In addition to being able to tell time and message friends, the Apple Watch serves as a wearable health and fitness tracker: It can offer workout suggestions, monitor your heart rate, and even help detect sleep apnea in sufferers.
Now, when paired with a third-party band dubbed the AliveCor KardiaBand, it can offer something new to the Apple line: functionality as part of an FDA-approved medical device for EKG monitoring.
To be clear, the Apple Watch itself wasn’t subject to FDA approval: The company doesn’t want to slow down its development schedule by seeking the stamp of a government review process. The approval was granted to the KardiaBand wrist strap accessory, which delivers EKG monitoring that can detect signs of atrial fibrillation (heart arrhythmia) or abnormal heart rhythm by having wearers place a thumb on the band sensor and wait 30 seconds. Unusual readings can then be passed along to your doctor. (The device can differentiate between a high heart rate due to exertion and one outside the boundaries of a body at rest.)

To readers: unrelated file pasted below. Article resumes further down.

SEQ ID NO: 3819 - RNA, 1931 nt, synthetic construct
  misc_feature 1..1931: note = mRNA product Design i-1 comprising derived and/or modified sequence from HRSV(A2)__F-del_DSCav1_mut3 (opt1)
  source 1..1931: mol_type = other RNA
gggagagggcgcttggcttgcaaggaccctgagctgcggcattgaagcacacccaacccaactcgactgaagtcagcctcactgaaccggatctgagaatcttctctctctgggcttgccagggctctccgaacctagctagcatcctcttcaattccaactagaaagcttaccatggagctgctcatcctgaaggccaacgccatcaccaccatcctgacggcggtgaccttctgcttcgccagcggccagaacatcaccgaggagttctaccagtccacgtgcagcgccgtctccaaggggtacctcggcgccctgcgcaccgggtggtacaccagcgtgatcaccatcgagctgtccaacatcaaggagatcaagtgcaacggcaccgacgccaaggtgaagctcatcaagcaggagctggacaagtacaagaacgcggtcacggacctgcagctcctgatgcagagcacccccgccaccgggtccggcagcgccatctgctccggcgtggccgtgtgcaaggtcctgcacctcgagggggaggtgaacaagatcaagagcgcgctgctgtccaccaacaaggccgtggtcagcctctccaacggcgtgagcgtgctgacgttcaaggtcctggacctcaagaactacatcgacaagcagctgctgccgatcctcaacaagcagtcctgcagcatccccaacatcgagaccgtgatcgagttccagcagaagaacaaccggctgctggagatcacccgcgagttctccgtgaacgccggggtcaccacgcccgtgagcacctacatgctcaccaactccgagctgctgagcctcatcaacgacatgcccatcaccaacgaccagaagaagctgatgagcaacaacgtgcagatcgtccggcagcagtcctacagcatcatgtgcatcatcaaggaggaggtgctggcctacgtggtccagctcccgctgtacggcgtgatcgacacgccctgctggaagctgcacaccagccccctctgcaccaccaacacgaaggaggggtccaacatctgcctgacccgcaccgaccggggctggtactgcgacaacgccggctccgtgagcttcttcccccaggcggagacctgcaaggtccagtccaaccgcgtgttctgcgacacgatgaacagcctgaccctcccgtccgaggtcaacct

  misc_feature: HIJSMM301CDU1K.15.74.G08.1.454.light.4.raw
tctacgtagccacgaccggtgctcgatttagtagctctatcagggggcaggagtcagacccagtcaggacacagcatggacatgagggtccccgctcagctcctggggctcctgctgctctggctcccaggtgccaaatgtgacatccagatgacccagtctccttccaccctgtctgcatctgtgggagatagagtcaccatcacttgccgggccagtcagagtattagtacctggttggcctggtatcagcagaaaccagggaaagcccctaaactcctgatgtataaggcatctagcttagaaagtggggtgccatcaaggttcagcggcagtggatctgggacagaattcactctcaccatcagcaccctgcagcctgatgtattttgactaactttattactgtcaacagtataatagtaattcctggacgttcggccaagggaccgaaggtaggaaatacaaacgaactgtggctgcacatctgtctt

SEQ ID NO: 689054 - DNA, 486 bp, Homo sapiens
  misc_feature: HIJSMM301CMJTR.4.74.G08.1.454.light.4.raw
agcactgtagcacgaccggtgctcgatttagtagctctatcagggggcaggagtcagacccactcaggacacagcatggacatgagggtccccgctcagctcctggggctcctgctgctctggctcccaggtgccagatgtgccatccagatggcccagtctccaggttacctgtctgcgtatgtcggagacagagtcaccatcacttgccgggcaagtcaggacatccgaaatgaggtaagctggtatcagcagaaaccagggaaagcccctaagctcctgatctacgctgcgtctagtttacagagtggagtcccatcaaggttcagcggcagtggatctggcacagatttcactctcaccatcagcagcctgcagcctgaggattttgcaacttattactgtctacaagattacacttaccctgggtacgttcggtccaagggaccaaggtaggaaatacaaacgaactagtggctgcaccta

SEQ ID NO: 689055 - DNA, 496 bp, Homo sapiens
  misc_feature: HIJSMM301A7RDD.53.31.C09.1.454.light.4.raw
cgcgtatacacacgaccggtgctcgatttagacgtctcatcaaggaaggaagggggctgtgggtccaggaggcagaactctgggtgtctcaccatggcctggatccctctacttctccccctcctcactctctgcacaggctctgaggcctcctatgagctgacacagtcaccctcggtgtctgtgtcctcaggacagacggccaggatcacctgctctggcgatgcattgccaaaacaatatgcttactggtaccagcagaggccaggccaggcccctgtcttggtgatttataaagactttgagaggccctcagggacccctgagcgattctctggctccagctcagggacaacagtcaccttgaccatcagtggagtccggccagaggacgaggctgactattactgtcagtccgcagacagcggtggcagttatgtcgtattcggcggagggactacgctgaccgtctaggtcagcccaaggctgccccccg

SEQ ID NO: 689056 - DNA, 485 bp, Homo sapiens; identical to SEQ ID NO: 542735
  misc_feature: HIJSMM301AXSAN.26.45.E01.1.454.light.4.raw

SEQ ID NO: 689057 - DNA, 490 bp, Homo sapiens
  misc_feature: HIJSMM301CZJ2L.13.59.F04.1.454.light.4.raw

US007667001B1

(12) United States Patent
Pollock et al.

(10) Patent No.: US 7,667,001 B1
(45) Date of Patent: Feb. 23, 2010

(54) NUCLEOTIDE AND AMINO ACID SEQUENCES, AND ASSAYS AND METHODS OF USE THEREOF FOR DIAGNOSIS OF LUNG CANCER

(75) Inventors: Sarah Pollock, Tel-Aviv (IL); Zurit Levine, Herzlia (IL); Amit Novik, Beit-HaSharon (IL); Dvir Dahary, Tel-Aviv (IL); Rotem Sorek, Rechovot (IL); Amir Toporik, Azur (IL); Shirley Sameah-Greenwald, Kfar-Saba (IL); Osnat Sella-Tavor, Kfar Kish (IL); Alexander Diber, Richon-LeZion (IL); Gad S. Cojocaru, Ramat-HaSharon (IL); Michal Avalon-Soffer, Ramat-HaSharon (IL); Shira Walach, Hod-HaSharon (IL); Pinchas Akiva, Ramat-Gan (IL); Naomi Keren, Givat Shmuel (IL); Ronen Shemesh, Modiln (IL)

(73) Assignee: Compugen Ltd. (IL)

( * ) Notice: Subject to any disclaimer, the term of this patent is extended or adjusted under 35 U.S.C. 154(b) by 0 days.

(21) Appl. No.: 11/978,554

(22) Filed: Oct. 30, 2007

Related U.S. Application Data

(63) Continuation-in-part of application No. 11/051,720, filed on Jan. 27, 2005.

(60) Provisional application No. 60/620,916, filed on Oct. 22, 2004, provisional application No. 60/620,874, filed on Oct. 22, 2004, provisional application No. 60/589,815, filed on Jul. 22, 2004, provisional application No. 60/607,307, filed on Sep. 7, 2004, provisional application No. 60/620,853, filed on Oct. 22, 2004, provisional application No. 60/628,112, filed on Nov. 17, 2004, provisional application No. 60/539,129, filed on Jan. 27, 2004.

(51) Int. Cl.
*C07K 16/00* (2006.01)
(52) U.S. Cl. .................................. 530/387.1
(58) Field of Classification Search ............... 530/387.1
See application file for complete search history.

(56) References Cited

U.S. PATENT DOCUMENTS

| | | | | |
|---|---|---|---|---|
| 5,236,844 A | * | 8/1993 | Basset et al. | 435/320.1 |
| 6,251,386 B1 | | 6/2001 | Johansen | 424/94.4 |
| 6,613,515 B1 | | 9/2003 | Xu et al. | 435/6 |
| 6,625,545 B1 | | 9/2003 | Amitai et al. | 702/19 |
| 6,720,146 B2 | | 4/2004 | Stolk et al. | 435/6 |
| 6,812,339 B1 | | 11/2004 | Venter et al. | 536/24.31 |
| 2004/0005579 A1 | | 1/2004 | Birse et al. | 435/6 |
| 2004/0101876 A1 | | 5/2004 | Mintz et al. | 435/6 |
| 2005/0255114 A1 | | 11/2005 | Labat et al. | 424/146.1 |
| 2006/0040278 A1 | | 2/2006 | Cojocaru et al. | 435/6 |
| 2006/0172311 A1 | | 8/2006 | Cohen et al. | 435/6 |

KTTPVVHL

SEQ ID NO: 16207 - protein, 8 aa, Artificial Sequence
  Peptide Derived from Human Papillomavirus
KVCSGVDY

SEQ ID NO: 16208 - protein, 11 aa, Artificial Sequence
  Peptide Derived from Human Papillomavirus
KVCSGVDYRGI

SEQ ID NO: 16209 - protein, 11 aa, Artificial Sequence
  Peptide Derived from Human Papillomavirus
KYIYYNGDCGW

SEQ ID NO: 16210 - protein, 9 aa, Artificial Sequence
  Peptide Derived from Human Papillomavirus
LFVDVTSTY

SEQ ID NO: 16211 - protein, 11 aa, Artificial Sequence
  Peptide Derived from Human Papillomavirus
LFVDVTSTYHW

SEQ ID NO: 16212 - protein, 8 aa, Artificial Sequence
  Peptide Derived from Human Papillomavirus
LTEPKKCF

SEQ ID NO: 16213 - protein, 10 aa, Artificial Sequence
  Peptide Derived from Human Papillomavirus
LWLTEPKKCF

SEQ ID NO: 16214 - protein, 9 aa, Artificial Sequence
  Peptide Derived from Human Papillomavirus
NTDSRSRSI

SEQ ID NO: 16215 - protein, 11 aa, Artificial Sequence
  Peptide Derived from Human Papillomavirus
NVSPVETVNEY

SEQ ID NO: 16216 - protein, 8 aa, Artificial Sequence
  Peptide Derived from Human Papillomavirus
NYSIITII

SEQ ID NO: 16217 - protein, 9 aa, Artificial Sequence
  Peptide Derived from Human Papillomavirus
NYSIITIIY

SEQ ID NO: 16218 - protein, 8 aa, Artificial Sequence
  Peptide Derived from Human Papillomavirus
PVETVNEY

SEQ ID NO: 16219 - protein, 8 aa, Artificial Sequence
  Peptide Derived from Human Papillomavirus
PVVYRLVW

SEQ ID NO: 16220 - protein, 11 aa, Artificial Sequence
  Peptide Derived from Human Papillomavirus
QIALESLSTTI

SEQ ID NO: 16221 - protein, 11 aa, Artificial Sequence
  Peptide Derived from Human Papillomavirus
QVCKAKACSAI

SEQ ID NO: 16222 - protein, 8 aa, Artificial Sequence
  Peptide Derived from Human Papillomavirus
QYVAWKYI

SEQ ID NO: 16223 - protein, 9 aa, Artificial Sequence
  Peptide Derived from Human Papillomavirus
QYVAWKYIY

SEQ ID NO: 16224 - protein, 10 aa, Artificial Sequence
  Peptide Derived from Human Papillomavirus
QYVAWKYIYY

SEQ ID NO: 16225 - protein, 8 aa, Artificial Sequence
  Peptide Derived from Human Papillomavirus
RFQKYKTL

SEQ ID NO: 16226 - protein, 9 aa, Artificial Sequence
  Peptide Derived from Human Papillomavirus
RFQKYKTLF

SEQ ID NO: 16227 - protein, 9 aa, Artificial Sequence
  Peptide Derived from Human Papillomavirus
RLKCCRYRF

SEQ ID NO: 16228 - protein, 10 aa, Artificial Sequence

EKG, or electrocardiography, is typically performed only in hospitals, where the heart’s electrical activity can be continuously monitored via skin-placed electrodes. Having the ability to perform the same function at home could provide early warning signs of serious complications stemming from atrial fibrillation, like a heart attack or stroke.
The KardiaBand is available now for $199. While not required, a subscription to AliveCor’s monitoring software adds cloud storage and monthly physician reports and costs $99 annually.